This Excel VBA tutorial explains how to calculate net present value using Excel VBA NPV Function.
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Net Present Value
Net Present Value is to calculate the present value of future cash flow. For example, your client will give you $10000 when the project completes after 1 year, assume there will be inflation, the future $10000 will be less than the present $10000. Assume the inflation is 4%, the present value of $10000 is 10000/(1+4%) = 9615.384615 This calculation is just a simple maths, you don’t even need to memorize any formula.
If your company needs to invest $9900 today in order to gain $10000 after 1 year, then you should not take this project because $9615 you will gain is less than $9900 you invest today.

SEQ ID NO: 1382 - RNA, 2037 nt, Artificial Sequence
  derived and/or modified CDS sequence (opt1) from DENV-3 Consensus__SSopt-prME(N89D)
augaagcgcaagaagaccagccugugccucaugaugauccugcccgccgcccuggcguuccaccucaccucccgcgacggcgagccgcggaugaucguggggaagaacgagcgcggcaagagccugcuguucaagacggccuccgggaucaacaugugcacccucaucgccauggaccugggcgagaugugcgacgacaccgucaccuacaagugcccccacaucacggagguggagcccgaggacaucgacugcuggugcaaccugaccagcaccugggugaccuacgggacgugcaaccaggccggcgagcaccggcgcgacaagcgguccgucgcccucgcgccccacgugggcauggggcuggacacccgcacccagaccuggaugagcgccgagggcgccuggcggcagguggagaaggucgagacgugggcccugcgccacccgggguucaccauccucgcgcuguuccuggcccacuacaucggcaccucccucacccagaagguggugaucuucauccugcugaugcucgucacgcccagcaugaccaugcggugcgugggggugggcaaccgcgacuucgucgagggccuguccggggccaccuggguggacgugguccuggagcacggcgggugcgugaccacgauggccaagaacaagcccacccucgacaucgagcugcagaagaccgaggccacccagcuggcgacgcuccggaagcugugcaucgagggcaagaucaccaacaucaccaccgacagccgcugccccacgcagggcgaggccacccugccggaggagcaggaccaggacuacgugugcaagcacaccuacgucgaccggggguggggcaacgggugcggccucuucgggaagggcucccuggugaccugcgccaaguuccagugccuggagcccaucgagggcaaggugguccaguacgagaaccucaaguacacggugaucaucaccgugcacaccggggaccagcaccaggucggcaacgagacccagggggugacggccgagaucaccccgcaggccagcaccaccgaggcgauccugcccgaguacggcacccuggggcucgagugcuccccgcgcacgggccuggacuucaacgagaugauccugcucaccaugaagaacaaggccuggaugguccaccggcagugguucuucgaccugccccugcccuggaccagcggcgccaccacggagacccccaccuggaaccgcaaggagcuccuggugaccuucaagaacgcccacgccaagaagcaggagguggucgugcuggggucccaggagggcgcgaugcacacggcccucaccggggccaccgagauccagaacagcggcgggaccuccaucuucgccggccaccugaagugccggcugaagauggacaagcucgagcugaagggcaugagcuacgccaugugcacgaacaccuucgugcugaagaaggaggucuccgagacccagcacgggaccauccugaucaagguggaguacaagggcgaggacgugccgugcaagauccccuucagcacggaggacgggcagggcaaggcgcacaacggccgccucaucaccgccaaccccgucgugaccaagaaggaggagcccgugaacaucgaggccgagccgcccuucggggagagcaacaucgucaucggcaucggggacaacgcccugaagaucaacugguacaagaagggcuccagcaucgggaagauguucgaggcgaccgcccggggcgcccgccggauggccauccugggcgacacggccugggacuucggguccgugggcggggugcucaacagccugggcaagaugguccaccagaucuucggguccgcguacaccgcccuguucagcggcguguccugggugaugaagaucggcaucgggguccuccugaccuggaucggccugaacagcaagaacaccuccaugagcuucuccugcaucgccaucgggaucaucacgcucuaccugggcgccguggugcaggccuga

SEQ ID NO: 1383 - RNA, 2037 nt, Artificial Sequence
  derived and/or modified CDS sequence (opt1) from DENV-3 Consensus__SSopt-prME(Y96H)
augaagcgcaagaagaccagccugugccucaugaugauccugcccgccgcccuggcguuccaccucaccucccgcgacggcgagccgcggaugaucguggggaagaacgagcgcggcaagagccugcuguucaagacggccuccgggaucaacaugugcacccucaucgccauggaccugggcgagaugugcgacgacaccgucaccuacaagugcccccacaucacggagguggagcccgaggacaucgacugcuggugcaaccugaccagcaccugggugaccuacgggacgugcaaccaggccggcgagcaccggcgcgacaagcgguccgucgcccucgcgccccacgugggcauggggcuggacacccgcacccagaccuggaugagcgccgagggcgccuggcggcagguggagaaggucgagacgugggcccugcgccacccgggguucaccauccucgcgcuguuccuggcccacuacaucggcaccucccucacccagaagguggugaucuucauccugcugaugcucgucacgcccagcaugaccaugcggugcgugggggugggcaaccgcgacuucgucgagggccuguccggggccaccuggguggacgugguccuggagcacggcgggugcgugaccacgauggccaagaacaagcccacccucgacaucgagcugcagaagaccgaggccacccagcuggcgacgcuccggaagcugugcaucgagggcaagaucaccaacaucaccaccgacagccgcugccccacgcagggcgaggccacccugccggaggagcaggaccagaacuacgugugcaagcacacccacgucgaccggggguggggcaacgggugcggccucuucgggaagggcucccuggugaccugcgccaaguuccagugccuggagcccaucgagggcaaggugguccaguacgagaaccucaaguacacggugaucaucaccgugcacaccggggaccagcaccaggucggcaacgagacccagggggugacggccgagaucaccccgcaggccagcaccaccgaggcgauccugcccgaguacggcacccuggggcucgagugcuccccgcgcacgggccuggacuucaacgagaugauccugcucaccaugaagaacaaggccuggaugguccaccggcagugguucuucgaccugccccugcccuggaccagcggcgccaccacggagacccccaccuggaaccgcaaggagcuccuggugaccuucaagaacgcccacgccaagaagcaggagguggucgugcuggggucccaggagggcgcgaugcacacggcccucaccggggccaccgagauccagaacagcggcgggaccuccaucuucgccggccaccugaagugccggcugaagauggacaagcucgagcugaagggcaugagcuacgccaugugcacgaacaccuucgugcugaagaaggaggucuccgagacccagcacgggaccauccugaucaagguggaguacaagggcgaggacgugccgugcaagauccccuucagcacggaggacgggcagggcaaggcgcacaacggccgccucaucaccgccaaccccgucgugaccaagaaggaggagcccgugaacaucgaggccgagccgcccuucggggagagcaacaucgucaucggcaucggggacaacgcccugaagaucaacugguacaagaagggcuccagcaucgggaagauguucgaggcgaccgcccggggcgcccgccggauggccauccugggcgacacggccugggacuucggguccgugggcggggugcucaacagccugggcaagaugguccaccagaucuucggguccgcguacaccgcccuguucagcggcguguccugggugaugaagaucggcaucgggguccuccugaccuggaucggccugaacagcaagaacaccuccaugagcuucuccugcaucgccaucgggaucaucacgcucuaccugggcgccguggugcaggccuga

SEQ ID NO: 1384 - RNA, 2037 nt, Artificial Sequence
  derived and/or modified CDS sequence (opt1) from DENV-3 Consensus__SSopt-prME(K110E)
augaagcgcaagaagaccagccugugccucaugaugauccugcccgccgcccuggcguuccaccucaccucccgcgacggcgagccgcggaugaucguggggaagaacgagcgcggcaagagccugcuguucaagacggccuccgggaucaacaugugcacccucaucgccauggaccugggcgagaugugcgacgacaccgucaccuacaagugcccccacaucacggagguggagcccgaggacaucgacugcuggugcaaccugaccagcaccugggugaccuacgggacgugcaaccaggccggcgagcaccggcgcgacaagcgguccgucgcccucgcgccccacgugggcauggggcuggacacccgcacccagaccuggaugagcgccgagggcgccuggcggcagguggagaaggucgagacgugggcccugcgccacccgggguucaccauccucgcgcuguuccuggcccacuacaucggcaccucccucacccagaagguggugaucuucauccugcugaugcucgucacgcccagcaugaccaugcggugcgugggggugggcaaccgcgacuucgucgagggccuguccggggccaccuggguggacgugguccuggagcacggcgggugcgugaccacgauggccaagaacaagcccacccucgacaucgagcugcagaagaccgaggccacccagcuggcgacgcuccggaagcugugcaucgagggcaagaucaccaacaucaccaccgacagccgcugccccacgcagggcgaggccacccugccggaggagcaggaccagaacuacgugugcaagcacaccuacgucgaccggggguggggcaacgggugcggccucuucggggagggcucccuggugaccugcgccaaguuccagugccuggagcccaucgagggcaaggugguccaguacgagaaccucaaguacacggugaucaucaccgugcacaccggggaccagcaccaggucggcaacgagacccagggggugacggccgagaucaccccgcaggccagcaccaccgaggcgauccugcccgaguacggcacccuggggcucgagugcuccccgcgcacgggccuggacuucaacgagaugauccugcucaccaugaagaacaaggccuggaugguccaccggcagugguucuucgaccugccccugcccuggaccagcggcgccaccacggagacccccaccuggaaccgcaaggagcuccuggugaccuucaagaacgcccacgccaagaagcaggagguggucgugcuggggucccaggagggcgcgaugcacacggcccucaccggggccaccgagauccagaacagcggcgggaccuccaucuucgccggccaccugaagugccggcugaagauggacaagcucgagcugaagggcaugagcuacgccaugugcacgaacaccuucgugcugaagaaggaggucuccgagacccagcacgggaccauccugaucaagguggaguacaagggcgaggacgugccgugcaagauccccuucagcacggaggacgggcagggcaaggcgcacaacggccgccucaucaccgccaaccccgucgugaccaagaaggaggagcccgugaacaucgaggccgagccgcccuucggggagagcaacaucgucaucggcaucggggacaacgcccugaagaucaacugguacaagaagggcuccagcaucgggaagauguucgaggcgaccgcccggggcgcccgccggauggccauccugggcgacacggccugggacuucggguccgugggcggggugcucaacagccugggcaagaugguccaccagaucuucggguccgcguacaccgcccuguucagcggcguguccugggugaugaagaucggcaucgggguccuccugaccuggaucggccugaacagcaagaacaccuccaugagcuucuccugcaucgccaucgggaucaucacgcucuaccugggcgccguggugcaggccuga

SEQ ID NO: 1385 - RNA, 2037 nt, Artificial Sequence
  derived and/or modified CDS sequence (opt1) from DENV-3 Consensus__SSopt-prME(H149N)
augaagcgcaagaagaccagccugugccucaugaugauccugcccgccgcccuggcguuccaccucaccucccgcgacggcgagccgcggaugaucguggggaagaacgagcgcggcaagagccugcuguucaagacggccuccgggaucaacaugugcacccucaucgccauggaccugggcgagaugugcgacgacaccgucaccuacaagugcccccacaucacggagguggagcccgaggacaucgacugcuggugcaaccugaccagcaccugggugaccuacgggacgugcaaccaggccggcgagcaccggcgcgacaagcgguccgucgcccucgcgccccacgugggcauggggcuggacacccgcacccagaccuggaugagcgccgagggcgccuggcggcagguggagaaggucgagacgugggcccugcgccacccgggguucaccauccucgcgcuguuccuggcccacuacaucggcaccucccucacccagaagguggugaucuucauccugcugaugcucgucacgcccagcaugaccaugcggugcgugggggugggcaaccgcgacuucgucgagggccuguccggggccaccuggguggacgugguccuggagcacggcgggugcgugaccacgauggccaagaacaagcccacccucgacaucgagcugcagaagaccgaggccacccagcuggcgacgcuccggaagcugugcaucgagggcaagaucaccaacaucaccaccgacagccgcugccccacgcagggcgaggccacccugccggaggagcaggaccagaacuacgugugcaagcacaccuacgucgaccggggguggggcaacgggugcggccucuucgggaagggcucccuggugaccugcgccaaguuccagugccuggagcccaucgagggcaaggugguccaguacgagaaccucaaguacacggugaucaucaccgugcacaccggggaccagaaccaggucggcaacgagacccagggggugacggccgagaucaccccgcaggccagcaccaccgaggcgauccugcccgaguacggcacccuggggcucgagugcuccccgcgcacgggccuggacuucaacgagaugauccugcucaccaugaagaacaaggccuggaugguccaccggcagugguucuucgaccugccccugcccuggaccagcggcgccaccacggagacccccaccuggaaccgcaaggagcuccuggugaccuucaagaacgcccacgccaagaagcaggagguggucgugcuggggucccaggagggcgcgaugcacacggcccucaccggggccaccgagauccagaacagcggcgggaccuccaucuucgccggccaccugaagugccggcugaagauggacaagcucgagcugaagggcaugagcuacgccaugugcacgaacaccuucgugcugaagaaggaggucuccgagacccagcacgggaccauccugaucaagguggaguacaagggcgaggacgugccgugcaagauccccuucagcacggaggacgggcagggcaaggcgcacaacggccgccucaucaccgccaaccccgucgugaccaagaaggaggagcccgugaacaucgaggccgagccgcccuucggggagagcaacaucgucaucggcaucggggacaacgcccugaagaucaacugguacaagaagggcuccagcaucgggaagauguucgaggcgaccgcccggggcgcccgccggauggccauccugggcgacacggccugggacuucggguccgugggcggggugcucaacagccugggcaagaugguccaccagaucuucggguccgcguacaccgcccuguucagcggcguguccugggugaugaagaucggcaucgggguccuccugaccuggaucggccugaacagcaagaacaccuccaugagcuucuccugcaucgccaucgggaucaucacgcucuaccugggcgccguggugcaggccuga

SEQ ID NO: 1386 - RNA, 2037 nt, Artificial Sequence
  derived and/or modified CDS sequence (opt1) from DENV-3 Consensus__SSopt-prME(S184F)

If you receive $10000 after 1 year, and $5000 in the second year, then
Net present value = $10000/(1+4%) + $5000/(1+4%)2
= 9615.38 + 4622.78
Excel VBA NPV Function
Instead of calculating the Net Present Value manually, Excel NVP Function provides a quick way to calculate the Net Present Value.
Excel worksheet NPV Function is similar to Excel VBA NPV Function.
Syntax of VBA NPV Function
|Rate||Required. The rate of discount over the length of one period.|
|valueArray()||Required. An array to store the cash flow in double format.|
It is important to note that array has to start from item 0. If you start from item 1, the first cash flow item is assumed to be $0.
Using the above example, if the discount rate is 4%, while the cash flow return is $10000 after the first year, $5000 after the second year
Public Sub testNPV() Dim npvArray(1) As Double npvArray(0) = 10000 npvArray(1) = 5000 MsgBox (NPV(0.04, npvArray())) End Sub
If you have a lot of cash flow, you can type the values in worksheet first and then convert them into array in VBA.
Public Sub testNPV() Dim npvArray() As Double For r = 2 To Range("A" & Rows.Count).End(xlUp).Row ReDim Preserve npvArray(r - 2) npvArray(r - 2) = Range("B" & r).Value Next r MsgBox (NPV(0.04, npvArray())) End Sub